If you’re a traditional admin you probably know that you need to learn how to manage automation, and that means learning about Infrastructure as Code (IaC). But where should you even start? RackN has a platform that automates IaC, so maybe doing their Digital Rebar trial would be a good place to start.

This blog post walks through connecting to a hosted RackN Digital Rebar trial and creating a cluster of machines.

Full disclosure: RackN is one of my clients. However, they didn’t pay me to write this post, nor did they get an advanced review of this post.

Setup/Installation

The first step to trialing the Digital Rebar Platform (DRP) is to install the Digital Rebar software. To do that, you need a Linux server. It can be a physical or virtual (including public cloud) server. The Linux flavor isn’t specified, but it needs to have 4+GB RAM and ports 22, 8090-8092 open.

I don’t have a lab anymore, so I don’t just have a Linux server sitting around. Lucky for me, RackN has a hosted trial. You must  fill out a form to request access to a RackN hosted trial. If you meet the requirements, they will provide you access to a hosted server. Luckily, they are one of my clients (see disclosure above), so they sent me an invite.

Using the Digital Rebar Portal

If your request is accepted, RackN will create a server for your trial that has Digital Rebar already installed on a server – this will be your endpoint. The endpoint needs to connect to the Digital Rebar Portal – that’s where all the magic happens.

If you’re using the hosted trial, you’ll receive an email from them that contains your username, password, and endpoint address. You’ll need these to log into the DRP Portalportal.rackn.io

Before you log in, this is the screen you’ll see on the Portal. If you are building your server, you’ll find helpful install tips on the right side of the page (you can adjust the size of the helpful tips section).

 

 

 

You can also log in to the Digital Rebar Portal directly from the email you’re sent. Just click on the Endpoint Address and you’ll end up on this license page:

Once you’ve authenticated, this is what you’ll see:

 

Using the Labs as a trial guide

I used the built-in Labs for my trial guide. Choose the green Labs button at the top of the Portal screen to go the Digital Rebar Labs page. This is what you’ll see:

If you click on a box, a lab page will open. Any greyed-out boxes are labs that have been completed. The Leveraging Labs box will open a Lab that explains how to use the labs. But let’s start with the Lab Manage Groups of Machines using Clusters.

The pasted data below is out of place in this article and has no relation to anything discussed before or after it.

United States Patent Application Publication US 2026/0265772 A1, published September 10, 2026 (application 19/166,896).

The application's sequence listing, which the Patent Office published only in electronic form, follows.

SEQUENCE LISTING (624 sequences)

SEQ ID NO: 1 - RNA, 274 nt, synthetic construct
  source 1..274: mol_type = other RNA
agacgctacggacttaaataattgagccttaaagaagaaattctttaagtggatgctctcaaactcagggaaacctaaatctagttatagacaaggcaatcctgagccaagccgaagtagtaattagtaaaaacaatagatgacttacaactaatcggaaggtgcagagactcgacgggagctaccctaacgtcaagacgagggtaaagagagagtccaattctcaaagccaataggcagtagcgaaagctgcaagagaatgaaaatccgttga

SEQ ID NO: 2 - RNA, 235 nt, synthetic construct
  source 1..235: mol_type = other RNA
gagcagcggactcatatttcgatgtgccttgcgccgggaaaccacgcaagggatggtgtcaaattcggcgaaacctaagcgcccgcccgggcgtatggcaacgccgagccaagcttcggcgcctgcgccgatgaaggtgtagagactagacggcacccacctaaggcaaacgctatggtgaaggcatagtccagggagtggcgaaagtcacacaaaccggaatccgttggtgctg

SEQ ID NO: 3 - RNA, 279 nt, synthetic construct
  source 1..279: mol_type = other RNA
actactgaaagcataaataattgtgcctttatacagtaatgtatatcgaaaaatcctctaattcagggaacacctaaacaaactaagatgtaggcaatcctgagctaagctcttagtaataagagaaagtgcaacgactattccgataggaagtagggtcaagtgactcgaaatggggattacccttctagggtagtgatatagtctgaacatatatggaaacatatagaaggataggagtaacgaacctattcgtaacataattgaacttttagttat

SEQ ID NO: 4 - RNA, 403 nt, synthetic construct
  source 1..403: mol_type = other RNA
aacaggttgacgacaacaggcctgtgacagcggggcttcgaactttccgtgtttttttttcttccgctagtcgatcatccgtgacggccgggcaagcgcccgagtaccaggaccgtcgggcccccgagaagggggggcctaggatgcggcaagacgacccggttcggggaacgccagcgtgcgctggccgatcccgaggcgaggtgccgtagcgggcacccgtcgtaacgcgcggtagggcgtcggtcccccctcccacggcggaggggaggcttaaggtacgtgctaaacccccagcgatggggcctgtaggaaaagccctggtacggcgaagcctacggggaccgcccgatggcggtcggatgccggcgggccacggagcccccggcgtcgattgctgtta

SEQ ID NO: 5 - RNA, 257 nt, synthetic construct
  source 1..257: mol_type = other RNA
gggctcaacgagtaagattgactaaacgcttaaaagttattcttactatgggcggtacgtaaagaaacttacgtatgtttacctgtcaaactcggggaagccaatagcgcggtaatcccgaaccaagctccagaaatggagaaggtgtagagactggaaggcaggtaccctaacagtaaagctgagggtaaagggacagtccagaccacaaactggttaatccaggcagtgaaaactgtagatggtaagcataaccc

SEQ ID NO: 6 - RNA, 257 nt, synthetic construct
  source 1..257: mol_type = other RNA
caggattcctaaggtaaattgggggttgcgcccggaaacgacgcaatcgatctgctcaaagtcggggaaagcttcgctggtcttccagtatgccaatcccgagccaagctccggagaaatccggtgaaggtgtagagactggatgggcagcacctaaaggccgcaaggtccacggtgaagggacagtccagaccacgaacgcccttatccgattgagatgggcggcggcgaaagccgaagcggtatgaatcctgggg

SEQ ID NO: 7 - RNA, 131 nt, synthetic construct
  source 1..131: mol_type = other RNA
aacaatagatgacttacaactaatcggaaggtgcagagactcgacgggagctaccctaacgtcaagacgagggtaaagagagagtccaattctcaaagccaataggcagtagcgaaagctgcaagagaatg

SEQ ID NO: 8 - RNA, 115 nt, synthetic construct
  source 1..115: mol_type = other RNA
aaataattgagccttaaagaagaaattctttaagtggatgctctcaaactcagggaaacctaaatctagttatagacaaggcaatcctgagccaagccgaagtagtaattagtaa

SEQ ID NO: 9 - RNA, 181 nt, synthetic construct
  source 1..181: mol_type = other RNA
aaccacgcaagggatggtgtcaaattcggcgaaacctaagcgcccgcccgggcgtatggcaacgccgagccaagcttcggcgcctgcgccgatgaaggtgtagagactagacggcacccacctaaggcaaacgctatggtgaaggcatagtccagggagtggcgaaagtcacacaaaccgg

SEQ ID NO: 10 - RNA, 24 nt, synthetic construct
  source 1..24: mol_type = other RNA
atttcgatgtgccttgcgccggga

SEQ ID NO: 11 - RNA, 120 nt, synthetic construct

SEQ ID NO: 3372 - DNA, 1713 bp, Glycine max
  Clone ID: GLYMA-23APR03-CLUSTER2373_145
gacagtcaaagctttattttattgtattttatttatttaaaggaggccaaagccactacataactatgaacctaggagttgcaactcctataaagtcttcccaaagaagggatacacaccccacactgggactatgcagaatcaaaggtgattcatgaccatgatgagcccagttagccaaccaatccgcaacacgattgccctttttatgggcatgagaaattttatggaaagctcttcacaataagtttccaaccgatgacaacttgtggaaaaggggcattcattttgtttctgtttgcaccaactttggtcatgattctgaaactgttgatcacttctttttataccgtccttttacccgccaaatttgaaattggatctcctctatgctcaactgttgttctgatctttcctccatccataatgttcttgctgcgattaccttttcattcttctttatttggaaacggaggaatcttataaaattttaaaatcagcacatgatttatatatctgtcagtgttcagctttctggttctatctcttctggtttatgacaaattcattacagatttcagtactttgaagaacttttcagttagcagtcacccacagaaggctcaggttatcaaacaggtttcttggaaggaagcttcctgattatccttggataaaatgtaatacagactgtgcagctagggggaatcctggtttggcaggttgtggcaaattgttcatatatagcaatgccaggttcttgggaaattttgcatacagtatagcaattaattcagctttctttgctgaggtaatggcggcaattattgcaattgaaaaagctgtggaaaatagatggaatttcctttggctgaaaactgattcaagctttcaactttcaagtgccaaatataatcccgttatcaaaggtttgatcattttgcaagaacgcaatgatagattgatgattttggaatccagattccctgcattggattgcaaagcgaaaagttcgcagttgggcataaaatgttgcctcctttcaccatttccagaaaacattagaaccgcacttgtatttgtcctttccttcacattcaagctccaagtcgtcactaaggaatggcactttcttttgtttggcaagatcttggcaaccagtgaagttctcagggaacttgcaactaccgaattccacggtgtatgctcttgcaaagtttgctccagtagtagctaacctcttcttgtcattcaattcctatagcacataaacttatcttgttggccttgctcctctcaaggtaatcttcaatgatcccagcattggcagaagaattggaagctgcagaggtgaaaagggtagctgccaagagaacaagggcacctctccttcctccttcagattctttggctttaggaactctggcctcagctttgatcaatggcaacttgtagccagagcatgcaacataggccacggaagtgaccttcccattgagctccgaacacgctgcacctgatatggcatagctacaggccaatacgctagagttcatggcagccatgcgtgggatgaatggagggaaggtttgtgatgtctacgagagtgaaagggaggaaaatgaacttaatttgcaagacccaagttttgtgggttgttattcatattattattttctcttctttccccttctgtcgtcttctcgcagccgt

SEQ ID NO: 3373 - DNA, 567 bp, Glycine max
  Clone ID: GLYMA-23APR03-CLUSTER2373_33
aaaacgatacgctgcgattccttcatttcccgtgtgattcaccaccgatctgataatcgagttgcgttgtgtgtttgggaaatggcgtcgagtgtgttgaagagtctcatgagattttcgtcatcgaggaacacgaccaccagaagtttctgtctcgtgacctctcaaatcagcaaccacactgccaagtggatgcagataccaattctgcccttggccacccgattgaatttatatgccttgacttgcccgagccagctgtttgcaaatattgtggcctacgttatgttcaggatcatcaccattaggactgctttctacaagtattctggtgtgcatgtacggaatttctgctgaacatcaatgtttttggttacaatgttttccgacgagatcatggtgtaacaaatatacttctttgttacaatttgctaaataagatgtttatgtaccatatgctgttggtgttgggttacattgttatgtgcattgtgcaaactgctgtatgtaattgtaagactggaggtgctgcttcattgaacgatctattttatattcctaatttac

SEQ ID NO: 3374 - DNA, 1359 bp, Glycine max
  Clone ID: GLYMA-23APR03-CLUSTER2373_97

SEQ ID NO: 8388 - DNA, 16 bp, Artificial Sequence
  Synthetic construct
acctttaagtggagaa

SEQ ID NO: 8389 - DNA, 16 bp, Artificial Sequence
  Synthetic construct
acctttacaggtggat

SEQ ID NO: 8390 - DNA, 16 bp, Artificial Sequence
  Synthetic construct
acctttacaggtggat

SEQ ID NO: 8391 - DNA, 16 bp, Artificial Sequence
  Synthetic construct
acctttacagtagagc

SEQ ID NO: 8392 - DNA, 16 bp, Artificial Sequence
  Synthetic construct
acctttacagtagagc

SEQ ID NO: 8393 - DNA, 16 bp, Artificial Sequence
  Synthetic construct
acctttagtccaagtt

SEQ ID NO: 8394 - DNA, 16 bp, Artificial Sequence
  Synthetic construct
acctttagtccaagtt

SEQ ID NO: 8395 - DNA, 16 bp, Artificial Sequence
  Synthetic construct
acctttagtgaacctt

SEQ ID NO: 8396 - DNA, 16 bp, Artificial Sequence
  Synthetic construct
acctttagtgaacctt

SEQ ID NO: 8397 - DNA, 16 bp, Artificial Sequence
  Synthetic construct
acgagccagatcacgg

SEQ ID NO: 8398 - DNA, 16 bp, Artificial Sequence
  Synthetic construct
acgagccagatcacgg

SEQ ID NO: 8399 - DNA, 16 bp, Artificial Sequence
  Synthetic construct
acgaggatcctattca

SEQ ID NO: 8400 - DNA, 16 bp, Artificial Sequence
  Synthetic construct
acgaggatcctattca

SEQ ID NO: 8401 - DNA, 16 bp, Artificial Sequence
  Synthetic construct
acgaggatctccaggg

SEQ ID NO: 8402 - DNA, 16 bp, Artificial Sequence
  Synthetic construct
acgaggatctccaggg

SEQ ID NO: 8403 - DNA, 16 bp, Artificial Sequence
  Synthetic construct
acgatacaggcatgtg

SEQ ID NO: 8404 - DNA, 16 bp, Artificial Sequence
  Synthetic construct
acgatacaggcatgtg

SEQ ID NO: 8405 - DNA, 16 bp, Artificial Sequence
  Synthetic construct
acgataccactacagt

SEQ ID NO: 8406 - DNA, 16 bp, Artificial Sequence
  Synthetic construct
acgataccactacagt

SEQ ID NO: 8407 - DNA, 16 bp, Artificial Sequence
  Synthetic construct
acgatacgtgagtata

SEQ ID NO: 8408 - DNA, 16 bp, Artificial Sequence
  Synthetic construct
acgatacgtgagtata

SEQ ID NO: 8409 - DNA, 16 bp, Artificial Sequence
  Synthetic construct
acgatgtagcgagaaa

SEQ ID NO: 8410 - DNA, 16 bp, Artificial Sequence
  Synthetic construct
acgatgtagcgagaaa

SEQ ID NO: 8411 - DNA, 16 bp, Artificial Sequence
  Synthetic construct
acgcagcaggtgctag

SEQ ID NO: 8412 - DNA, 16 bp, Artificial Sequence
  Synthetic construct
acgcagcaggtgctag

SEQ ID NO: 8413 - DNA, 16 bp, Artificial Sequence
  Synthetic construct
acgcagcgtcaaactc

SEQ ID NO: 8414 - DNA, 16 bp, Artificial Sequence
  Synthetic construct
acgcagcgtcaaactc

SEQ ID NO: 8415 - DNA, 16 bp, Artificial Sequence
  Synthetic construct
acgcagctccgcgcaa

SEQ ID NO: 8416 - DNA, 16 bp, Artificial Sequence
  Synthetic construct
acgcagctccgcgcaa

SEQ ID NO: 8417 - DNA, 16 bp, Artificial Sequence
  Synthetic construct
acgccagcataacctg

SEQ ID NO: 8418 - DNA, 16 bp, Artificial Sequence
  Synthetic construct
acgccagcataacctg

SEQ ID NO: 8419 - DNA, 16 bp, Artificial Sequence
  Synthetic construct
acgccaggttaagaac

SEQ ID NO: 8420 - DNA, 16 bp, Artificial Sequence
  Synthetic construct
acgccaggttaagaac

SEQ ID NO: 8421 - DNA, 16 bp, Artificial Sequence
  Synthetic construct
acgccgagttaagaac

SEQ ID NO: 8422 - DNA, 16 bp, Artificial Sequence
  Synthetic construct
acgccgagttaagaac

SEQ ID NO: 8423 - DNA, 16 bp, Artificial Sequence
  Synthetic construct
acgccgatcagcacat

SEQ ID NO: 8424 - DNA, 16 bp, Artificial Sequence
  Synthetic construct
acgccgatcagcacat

Digital Rebar Platform resources

I already have an endpoint machine, and I have a context broker and pool broker. Next I want to create a cluster of machines to work with. To understand what this all means, let’s define DRP resources:

  1. Machines: This is a list of the actual machines (physical or virtual) that are available to be used. DRP is an infrastructure as code platform, so this is obviously a core building block. Here’s my machine list at this point:

  2. Resource Brokers: These accept requests to allocate or release machines. A context broker and pool broker were created as part of the hosted trial.

  3. Clusters: Clusters manage a collection of machines. They are used to coordinate operations over those machines.
  4. Pools: Pools have three basic functions: grouping machines, machine allocation, and machine transitions between pools
  5. Racks: Machines can also be organized by racks.

Let’s create a Cluster!

Creating a cluster is easy. I clicked on Clusters in the Resources column, then clicked Add. I followed the Guided Lab to name it and kept the defaults.

 

You can click the Activity tab to see the behind-the-scenes action of what it takes to create the cluster. You can also click on Resources –> Resource Brokers –> context-broker –> Activity to see what actions were taken by the Context Broker to build machines. This is IaC in action – and Digital Rebar is doing all the work required to build a cloud server. All I had to do was ask it to build a 3-node cluster.

 

Now if I check back in Resources — > Machines, I can see the new lab machines that were created by the Create Cluster command.

What should I do next?

Now that I’ve created 3 machines, what should I do next? In the real world I’d probably set up SSH access to the machines and figure out how to turn the machines into servers that worked for me (virtualization, specific applications, etc.).

The Start Remote Access Lab will walk through setting up SSH. The Create Your Own Blueprint to Respond to Triggers Lab walks through creating a Blueprint. Blueprints automate Work Order creation. Just look at the Catalog, there are so many IaC items already configured for you!

Real Talk

IaC is an important element of Digital Transformation. Everything that can be treated as code, needs to be run as code. And that includes everything from cloud servers to VMs to bare metal servers. I used to write kickstart and jumpstart scripts, and the evolution from those days to this is just amazing!

This was a short post to give you a glimpse into one of the tools that can help you modernize your environment to run as code. How are you doing this in your environment?

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